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13.3 — Template classes

In the previous two lessons, you learn how 13.1 -- Function templates, which get instantiated into 13.2 -- Function template instances, allow us to generalize functions to work with many different data types. While this is a great start down the road to generalized programming, it doesn’t solve all of our problems. Let’s take a look at an example of one such problem, and see what templates can further do for us.

Templates and container classes

In the lesson on 10.6 -- Container classes, you learned how to use composition to implement classes that contained multiple instances of other classes. As one example of such a container, we took a look at the IntArray class. Here is a simplified example of that class:

While this class provides an easy way to create arrays of integers, what if we want to create an array of doubles? Using traditional programming methods, we’d have to create an entirely new class! Here’s an example of DoubleArray, an array class used to hold doubles.

Although the code listings are lengthy, you’ll note the two classes are almost identical! In fact, the only substantive difference is the contained data type (int vs double). As you likely have guessed, this is another area where templates can be put to good use, to free us from having to create classes that are bound to one specific data type.

Creating template classes works pretty much identically to creating template functions, so we’ll proceed by example. Here’s our array class, templated version:

Array.h:

As you can see, this version is almost identical to the IntArray version, except we’ve added the template declaration, and changed the contained data type from int to T.

Note that we’ve also defined the getLength() function outside of the class declaration. This isn’t necessary, but new programmers typically stumble when trying to do this for the first time due to the syntax, so an example is instructive. Each templated member function declared outside the class declaration needs its own template declaration. Also, note that the name of the templated array class is Array<T>, not Array -- Array would refer to a non-templated version of a class named Array.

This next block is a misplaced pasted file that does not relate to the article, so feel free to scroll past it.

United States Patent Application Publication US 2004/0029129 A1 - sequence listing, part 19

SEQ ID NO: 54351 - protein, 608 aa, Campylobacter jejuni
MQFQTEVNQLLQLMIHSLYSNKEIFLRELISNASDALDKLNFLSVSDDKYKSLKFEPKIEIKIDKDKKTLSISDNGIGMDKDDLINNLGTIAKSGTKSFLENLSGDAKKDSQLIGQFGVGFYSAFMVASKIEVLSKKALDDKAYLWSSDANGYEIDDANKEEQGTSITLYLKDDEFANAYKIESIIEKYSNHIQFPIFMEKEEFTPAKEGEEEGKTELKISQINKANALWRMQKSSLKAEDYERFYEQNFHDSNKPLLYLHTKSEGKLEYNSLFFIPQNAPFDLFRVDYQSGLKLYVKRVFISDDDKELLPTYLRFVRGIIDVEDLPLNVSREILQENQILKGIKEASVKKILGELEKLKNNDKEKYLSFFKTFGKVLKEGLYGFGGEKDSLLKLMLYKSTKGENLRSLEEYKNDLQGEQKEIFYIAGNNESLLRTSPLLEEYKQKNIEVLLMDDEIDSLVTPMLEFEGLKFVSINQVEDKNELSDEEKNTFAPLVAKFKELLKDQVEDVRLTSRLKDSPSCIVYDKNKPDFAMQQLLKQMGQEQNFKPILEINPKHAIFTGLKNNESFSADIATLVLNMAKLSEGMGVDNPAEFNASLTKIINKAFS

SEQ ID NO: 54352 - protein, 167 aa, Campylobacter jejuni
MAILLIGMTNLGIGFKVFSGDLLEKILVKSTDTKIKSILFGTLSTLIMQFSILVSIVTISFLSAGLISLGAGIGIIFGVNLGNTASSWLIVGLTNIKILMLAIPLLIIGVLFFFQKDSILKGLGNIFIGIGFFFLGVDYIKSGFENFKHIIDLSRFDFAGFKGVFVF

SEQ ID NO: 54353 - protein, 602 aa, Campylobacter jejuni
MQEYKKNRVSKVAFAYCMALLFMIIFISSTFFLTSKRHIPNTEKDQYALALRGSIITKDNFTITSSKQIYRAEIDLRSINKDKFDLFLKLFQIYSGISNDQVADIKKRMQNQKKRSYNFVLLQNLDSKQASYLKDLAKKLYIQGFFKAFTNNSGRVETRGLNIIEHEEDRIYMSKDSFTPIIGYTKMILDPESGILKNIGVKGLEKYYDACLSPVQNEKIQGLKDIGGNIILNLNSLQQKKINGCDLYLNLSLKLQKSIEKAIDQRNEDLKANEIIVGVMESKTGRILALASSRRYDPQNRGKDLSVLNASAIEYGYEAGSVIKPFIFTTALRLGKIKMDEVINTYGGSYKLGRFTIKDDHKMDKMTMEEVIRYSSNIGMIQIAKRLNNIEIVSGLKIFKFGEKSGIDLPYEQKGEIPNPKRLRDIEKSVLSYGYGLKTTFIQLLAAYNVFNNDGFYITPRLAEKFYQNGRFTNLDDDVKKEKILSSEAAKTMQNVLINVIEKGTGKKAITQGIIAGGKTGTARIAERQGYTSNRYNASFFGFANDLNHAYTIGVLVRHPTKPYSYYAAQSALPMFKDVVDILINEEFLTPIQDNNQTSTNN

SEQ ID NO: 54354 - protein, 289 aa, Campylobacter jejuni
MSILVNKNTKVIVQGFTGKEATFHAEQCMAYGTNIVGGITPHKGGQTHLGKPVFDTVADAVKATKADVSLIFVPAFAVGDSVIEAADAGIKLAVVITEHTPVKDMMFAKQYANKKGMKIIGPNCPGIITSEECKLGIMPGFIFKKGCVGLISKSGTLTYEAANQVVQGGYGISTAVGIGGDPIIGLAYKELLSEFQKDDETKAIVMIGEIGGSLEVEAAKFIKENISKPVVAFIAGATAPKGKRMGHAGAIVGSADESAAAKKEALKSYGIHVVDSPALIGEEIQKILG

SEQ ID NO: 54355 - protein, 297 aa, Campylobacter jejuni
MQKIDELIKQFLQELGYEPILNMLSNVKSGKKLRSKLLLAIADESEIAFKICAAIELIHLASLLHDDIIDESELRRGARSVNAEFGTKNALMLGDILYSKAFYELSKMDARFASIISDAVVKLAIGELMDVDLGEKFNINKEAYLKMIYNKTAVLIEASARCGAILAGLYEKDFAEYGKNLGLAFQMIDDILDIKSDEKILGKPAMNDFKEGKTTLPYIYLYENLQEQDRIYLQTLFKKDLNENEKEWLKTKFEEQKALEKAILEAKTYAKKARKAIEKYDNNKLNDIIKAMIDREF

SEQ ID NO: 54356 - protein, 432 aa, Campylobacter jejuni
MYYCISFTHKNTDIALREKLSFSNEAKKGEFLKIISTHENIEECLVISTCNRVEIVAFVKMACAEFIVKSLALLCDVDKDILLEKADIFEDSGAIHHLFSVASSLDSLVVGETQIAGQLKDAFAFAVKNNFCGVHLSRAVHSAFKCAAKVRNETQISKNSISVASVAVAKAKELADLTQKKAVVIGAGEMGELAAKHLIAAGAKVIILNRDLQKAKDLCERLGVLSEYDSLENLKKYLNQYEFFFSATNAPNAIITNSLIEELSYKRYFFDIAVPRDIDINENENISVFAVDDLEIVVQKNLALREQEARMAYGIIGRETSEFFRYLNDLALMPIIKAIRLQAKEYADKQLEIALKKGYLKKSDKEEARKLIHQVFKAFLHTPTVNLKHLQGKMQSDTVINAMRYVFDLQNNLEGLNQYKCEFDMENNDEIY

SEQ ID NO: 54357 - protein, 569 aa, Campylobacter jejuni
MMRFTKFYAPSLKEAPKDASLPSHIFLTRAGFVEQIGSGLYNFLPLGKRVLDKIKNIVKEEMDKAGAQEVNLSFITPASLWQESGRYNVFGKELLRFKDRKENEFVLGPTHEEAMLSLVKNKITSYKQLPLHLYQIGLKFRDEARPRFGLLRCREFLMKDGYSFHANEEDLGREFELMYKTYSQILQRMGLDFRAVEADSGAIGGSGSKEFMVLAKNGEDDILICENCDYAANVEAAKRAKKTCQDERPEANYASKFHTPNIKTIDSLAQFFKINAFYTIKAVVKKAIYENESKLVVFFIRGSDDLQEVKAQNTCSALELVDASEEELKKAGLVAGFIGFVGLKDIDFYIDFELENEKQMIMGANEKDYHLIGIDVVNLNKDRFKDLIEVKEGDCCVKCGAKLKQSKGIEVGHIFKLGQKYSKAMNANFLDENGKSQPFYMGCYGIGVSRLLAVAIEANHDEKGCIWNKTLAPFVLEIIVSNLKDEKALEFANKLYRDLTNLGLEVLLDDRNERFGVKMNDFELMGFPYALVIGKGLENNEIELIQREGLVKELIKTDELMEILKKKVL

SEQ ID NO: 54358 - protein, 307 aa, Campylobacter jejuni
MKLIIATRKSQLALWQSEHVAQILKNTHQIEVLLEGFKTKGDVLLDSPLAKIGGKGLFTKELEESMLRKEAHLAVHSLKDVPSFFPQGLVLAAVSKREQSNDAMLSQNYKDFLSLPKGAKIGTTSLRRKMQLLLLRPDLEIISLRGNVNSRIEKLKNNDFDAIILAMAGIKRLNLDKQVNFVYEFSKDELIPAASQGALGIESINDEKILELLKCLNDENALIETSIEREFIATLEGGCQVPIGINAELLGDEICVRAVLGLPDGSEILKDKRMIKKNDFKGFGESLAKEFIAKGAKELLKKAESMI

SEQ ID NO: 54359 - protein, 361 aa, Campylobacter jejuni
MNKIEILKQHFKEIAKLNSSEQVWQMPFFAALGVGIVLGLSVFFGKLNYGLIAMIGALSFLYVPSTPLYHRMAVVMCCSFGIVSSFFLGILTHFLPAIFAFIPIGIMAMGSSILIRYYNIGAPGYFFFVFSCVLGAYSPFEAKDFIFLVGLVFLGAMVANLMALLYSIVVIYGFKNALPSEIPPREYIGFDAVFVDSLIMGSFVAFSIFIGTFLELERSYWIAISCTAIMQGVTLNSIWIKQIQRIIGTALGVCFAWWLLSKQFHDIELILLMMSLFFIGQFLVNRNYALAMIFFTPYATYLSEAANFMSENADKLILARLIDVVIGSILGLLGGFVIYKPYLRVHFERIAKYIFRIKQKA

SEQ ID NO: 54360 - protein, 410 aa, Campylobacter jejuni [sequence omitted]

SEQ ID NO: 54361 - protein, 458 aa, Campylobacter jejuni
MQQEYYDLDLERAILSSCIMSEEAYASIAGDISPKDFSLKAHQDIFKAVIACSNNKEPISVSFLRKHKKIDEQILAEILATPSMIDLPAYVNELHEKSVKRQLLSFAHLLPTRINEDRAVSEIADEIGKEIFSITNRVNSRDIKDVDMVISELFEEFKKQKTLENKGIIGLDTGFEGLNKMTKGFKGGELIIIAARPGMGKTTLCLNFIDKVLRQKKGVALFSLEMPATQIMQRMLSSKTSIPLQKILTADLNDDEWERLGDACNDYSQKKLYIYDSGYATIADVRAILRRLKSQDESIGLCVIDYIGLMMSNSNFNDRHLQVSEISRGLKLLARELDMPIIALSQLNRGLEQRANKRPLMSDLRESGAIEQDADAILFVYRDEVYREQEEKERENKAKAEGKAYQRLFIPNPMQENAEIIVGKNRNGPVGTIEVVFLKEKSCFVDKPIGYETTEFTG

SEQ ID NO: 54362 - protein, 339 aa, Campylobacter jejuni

Here’s a short example using the above templated array class:

This example prints the following:

11     11.5
10     10.5
9       9.5
8       8.5
7       7.5
6       6.5
5       5.5
4       4.5
3       3.5
2       2.5
1       1.5
0       0.5

Template classes are instanced in the same way template functions are -- the compiler stencils out a copy upon demand, with the template parameter replaced by the actual data type the user needs, and then compiles the copy. If you don’t ever use a template class, the compiler won’t even compile it.

Template classes are ideal for implementing container classes, because it is highly desirable to have containers work across a wide variety of data types, and templates allow you to do so without duplicating code. Although the syntax is ugly, and the error messages can be cryptic, template classes are truly one of C++’s best and most useful features.

Template classes in the standard library

Now that we’ve covered template classes, you should understand what std::vector<int> means now -- std::vector is actually a template class, and int is the type parameter to the template! The standard library is full of predefined template classes available for your use. We’ll cover these in later chapters.

Splitting up template classes

A template is not a class or a function -- it is a stencil used to create classes or functions. As such, it does not work in quite the same way as normal functions or classes. In most cases, this isn’t much of a issue. However, there is one area that commonly causes problems for developers.

With non-template classes, the common procedure is to put the class definition in a header file, and the member function definitions in a similarly named code file. In this way, the source for the class is compiled as a separate project file. However, with templates, this does not work. Consider the following:

Array.h:

Array.cpp:

main.cpp:

The above program will compile, but cause a linker error:

unresolved external symbol "public: int __thiscall Array::getLength(void)" (?GetLength@?$Array@H@@QAEHXZ)

In order for the compiler to use a template, it must see both the template definition (not just a declaration) and the template type used to instantiate the template. Also remember that C++ compiles files individually. When the Array.h header is #included in main, the template class definition is copied into main.cpp. When the compiler sees that we need two template instances, Array<int>, and Array<double>, it will instantiate these, and compile them as part of main.cpp. However, when it gets around to compiling Array.cpp separately, it will have forgotten that we need an Array<int> and Array<double>, so that template function is never instantiated. Thus, we get a linker error, because the compiler can’t find a definition for Array<int>::getLength() or Array<double>::getLength().

There are quite a few ways to work around this.

The easiest way is to simply put all of your template class code in the header file (in this case, put the contents of Array.cpp into Array.h, below the class). In this way, when you #include the header, all of the template code will be in one place. The upside of this solution is that it is simple. The downside here is that if the template class is used in many places, you will end up with many local copies of the template class, which can increase your compile and link times (your linker should remove the duplicate definitions, so it shouldn’t bloat your executable). This is our preferred solution unless the compile or link times start to become a problem.